MIND THE GAP
When I was pregnant with my son (my only child, if you don’t count three ex-husbands) my local health authority in a leafy part of London withdrew all but essential midwifery services because they were re-training the midwives in aromatherapy, acupuncture and other lovely relaxing things beginning with ‘a’. Never mind alternative therapy, I called up to inquire about alternative provision for ante-natal classes, to be told by a cheerful soul on the end of the phone that there wasn’t any, but wasn’t it fantastic that they would be able to offer so many additional services next year? Indeed, it was wonderful, I said. I’ll try and keep my legs crossed for the next 12 months, then.
So it was that these ‘improvements’ meant that I, along with other women similarly expectant, had to figure out for ourselves how best to get through the excruciating pain of a long labour by utilizing our partners, in conjunction with the correct breathing. Whatever that is.
(For anyone interested, I recommend Look at what [BREATHE] you’ve done to me [BREATHE] you bastard!!! [SCREAM]).
Last Sunday (it’s OK, you can come out now, he’s 19 years old at this point) I had occasion to venture into the centre of London (luckily, my balaclava was back from the cleaners). There was a choice of several routes I could take, and – in the grand tradition of selecting a queue in a bank or a supermarket – it transpired that I naturally plumped for the worst one. (There is something to be said for consistency, don’t you think?)
I had actually checked on the net before I left my apartment, and saw that one part of the District Line on London’s tube network was suspended for engineering work – at which point I congratulated myself on having the foresight to be impressively organized – so consequently made plans to divert my route with my smug knowledge.
What the net didn’t inform me, though, was that 6 other lines were also disrupted thanks to ‘engineering work’. (If the engineers are so bloody good, why don’t the trains run on Sundays???) It duly took me two hours to traverse 8 miles from SW London to NW London.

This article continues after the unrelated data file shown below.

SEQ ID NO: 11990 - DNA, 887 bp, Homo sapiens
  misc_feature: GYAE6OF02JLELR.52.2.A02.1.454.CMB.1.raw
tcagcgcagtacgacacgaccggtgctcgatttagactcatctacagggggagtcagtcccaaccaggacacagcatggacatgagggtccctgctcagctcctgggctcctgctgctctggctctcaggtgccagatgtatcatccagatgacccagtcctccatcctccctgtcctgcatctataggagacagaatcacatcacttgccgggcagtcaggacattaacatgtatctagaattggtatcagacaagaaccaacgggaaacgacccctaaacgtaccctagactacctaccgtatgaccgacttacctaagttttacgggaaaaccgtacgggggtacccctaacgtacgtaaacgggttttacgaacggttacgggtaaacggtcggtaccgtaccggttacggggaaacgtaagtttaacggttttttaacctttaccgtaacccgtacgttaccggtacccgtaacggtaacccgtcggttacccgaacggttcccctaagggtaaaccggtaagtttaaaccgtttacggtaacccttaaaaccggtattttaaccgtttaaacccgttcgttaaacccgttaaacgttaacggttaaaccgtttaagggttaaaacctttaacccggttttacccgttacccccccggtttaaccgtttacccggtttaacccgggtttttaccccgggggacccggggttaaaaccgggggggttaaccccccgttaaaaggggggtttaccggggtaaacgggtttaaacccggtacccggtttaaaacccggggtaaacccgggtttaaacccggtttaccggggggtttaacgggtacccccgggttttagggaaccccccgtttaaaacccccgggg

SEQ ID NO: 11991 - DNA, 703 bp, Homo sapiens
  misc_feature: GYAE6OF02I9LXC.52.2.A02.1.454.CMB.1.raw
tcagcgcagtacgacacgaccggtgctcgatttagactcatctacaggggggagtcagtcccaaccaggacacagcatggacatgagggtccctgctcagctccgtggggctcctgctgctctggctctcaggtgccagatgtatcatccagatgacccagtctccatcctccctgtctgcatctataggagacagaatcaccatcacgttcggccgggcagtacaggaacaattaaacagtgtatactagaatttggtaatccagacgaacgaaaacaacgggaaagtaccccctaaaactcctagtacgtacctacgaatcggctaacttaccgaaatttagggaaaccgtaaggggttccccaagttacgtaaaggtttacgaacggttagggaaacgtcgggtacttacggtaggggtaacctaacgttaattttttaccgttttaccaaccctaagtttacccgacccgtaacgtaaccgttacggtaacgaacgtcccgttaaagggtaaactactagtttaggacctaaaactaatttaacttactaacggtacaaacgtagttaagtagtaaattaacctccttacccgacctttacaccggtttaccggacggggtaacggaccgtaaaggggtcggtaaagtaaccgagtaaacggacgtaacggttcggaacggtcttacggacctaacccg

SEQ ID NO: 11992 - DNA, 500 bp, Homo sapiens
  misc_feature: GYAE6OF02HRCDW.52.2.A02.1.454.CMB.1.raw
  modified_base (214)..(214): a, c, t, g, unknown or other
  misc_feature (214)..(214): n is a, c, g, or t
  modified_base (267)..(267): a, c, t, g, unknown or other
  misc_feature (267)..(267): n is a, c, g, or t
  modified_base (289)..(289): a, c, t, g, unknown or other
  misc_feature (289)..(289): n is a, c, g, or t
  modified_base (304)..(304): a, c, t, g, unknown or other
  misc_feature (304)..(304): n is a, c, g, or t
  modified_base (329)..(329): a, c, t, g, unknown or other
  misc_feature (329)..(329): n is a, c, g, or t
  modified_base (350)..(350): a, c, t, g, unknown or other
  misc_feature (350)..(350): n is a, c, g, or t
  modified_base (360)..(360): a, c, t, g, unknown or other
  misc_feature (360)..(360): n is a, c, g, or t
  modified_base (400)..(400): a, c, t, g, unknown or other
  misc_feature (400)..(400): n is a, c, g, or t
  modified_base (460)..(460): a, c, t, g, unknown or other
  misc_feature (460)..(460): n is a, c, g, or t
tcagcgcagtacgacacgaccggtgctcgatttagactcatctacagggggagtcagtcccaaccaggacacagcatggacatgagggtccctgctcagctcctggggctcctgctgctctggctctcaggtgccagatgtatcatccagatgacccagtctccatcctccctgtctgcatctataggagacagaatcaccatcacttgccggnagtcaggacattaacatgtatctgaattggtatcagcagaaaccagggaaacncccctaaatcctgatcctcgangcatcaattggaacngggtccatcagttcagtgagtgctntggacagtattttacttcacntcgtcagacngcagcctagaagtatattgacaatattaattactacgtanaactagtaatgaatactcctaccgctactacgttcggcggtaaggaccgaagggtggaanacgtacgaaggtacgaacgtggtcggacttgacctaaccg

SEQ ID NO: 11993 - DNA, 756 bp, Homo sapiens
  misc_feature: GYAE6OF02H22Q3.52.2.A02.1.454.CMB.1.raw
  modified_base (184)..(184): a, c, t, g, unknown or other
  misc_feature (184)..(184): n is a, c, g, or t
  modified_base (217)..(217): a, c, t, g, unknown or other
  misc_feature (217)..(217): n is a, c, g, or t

Twenty minutes of this two hours (can’t exactly call it ‘travelling’ time) was spent sitting in a tunnel, thanks to a signal failure. During which period I found myself gazing at a sign underneath a map of the system (what’s the point of that, then?) which informed me Improvement works may affect your journey.
While we’re at it, another bone I have to pick with London Underground PLC is the discrimination against non-dog owners. Never noticed the signs at the top and bottom of escalators stating Dogs must be carried??? Fortunately for me, I have a dog. (Nothing to say they can’t be stuffed). Phew.
Meanwhile, back at my tale of woe, when I – eventually – arrived at my destination, the rain had started with avengance (wish it didn’t have such a grudge against me personally), but the designated meeting place looked lovely from the outside. Didn’t get to see it from the inside, however, because it wasn’t open. Due to ‘unforeseen circumstances’. (No, it wasn’t a meeting of psychics. I’ll do the jokes, thank you very much).
People get days like that. Only I seem to get lifetimes like it.
I once went to Wales, only to discover it was closed. (Sorry Welsh people. I’m a comedian. But you have to admit…oh, never mind).
Anyway, it’s a jolly good job the Olympics aren’t coming any time soon, isn’t it?